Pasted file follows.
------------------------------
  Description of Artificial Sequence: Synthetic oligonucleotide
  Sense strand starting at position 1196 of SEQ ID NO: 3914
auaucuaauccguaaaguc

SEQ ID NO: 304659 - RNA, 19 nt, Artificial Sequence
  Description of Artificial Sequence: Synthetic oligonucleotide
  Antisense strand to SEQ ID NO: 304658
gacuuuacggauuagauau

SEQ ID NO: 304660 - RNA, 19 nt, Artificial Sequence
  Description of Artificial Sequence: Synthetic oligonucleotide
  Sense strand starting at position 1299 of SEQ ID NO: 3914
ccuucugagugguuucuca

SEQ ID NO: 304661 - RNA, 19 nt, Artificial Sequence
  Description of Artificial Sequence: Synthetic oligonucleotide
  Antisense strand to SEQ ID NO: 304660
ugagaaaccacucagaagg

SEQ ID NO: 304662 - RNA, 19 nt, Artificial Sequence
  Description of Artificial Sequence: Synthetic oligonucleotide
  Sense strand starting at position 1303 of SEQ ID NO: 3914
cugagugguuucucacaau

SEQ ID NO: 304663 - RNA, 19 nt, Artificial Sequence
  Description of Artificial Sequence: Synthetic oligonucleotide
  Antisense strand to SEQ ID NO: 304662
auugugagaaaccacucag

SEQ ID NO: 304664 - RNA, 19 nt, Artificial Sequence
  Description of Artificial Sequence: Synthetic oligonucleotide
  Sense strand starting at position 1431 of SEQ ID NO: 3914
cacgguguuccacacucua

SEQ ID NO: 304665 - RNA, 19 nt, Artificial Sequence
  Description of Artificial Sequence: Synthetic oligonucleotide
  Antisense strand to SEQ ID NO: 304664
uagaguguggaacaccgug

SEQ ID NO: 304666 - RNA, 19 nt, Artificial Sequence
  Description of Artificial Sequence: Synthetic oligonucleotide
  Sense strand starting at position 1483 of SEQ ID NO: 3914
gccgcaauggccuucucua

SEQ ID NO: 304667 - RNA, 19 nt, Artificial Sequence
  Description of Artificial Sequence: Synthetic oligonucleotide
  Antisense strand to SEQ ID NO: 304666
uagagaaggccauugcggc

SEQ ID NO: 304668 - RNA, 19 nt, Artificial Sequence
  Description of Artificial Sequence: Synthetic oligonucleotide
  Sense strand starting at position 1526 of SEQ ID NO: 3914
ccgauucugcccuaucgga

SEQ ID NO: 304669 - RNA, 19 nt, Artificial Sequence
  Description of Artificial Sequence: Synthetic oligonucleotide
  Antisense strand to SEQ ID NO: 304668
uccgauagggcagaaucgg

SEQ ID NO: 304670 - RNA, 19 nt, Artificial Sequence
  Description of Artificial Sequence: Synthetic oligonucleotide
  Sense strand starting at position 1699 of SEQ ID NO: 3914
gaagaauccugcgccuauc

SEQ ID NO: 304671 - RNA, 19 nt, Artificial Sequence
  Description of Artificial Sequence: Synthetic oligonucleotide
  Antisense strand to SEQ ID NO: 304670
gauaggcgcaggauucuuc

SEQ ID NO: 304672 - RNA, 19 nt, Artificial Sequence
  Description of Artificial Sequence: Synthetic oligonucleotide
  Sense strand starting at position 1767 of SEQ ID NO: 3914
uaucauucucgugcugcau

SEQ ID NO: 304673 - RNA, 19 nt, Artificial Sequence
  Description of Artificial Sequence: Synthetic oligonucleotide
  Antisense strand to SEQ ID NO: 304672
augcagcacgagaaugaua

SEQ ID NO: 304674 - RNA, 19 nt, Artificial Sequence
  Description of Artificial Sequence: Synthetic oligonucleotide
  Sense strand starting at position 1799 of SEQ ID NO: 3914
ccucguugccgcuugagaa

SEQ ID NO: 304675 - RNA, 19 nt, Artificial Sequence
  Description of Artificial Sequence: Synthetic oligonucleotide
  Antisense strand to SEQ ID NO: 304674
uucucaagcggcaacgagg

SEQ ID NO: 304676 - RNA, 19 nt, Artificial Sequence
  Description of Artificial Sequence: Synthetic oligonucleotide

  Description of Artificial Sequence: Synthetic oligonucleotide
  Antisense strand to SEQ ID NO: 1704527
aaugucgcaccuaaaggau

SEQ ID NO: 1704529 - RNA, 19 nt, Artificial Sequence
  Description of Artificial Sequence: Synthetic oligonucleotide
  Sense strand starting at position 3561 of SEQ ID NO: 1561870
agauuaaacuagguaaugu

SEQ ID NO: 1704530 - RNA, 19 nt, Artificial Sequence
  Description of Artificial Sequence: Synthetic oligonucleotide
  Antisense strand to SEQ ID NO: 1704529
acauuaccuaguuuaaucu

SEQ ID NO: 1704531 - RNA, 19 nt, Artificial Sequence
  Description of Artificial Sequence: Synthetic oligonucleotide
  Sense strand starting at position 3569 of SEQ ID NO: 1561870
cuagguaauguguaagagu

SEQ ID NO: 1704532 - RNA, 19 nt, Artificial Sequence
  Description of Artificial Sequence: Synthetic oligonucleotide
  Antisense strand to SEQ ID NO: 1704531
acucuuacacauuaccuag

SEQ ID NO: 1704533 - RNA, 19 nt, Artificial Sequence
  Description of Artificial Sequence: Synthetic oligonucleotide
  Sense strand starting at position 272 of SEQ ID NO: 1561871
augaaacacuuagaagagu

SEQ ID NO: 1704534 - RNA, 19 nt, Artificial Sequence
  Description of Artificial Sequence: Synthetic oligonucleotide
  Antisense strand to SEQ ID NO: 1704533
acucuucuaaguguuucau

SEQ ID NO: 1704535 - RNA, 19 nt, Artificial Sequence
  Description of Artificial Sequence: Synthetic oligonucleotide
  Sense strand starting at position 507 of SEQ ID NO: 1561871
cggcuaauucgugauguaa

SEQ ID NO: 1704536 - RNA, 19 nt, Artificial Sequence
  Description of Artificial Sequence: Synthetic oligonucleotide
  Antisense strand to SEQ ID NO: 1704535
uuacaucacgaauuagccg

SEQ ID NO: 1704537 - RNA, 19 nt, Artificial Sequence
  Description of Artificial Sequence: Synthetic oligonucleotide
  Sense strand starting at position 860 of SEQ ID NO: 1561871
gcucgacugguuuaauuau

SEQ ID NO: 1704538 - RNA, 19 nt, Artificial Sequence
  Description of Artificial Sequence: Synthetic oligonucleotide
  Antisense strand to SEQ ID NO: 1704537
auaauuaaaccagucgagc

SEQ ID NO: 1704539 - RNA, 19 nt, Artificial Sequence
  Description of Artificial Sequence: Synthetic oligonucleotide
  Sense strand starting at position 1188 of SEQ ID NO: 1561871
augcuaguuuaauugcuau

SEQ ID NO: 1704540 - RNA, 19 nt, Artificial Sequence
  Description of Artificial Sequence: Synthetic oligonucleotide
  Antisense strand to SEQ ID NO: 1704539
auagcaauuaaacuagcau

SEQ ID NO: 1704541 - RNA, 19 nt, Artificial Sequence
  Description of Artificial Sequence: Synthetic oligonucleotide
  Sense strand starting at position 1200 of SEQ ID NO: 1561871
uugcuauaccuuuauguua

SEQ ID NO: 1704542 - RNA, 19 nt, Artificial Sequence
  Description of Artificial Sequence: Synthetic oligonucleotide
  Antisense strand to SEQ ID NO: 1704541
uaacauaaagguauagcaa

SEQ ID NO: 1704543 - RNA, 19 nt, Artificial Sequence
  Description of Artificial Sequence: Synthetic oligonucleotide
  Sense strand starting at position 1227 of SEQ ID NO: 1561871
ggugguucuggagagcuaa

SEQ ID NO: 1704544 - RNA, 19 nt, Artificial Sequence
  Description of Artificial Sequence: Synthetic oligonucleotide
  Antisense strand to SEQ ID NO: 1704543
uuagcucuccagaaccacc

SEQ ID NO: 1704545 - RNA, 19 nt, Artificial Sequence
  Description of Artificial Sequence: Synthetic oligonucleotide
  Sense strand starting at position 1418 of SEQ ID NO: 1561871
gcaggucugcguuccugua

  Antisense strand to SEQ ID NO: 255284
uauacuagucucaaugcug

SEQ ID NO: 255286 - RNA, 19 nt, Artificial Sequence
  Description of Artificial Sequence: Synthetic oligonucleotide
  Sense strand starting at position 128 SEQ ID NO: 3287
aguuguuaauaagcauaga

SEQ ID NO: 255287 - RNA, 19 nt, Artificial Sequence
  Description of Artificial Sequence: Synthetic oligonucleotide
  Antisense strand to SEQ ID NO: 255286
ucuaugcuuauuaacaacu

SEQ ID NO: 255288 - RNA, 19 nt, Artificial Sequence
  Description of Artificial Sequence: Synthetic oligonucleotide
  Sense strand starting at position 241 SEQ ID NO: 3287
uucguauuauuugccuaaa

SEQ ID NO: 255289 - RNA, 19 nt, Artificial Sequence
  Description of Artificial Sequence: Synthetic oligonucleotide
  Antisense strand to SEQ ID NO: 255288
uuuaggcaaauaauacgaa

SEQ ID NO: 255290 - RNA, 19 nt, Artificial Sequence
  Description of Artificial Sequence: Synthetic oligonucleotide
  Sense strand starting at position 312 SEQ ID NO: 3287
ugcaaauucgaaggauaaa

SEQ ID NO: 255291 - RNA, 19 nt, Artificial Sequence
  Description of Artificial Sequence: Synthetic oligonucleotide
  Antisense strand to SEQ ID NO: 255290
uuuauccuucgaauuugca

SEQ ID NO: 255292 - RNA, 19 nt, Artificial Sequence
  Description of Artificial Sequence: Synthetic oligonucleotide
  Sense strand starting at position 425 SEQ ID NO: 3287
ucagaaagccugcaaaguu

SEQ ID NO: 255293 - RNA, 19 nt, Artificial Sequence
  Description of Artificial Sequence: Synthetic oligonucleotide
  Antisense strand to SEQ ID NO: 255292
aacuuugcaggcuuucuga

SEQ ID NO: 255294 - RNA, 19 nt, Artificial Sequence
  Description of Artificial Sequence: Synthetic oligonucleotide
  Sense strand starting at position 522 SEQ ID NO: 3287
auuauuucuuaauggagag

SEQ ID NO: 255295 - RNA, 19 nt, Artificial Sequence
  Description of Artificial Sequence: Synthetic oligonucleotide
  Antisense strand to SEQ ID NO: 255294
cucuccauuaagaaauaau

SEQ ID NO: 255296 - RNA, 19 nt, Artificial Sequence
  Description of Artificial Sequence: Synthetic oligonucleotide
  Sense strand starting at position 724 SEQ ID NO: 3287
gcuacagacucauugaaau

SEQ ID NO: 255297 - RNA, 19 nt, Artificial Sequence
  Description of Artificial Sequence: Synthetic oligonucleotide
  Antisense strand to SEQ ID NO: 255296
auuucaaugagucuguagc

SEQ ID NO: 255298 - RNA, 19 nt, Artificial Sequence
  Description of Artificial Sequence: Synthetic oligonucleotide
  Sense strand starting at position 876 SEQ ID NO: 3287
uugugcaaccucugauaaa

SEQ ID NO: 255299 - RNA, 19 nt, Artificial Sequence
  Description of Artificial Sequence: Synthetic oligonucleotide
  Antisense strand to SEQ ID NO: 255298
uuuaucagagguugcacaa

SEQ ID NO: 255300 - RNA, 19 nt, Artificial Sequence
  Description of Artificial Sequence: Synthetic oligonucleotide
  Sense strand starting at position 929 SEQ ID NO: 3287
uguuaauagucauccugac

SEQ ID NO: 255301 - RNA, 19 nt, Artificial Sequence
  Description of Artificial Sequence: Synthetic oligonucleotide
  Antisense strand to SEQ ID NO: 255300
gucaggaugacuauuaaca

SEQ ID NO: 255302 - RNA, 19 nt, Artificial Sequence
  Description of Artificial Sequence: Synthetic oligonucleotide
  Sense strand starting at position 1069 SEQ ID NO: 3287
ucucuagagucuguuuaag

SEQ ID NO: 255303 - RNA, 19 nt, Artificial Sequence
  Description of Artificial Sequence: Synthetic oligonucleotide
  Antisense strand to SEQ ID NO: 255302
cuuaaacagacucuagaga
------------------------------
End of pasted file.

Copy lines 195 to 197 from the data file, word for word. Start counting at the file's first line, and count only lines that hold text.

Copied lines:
SEQ ID NO: 255298 - RNA, 19 nt, Artificial Sequence
  Description of Artificial Sequence: Synthetic oligonucleotide
  Sense strand starting at position 876 SEQ ID NO: 3287